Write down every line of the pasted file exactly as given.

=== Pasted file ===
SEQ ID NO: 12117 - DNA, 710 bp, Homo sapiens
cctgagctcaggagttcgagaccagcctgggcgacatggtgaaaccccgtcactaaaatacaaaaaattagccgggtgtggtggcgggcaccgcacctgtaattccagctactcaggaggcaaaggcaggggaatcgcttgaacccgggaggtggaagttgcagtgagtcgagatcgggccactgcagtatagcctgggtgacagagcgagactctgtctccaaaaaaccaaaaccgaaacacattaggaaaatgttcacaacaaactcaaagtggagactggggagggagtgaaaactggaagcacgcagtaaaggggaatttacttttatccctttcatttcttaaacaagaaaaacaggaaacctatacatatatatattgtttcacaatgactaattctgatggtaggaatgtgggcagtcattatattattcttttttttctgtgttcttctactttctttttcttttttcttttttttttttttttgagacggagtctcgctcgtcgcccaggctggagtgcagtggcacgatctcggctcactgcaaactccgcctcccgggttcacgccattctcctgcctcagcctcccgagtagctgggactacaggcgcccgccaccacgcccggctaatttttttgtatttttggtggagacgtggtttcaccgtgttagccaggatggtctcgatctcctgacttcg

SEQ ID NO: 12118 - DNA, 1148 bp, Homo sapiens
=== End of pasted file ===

SEQ ID NO: 12117 - DNA, 710 bp, Homo sapiens
cctgagctcaggagttcgagaccagcctgggcgacatggtgaaaccccgtcactaaaatacaaaaaattagccgggtgtggtggcgggcaccgcacctgtaattccagctactcaggaggcaaaggcaggggaatcgcttgaacccgggaggtggaagttgcagtgagtcgagatcgggccactgcagtatagcctgggtgacagagcgagactctgtctccaaaaaaccaaaaccgaaacacattaggaaaatgttcacaacaaactcaaagtggagactggggagggagtgaaaactggaagcacgcagtaaaggggaatttacttttatccctttcatttcttaaacaagaaaaacaggaaacctatacatatatatattgtttcacaatgactaattctgatggtaggaatgtgggcagtcattatattattcttttttttctgtgttcttctactttctttttcttttttcttttttttttttttttgagacggagtctcgctcgtcgcccaggctggagtgcagtggcacgatctcggctcactgcaaactccgcctcccgggttcacgccattctcctgcctcagcctcccgagtagctgggactacaggcgcccgccaccacgcccggctaatttttttgtatttttggtggagacgtggtttcaccgtgttagccaggatggtctcgatctcctgacttcg

SEQ ID NO: 12118 - DNA, 1148 bp, Homo sapiens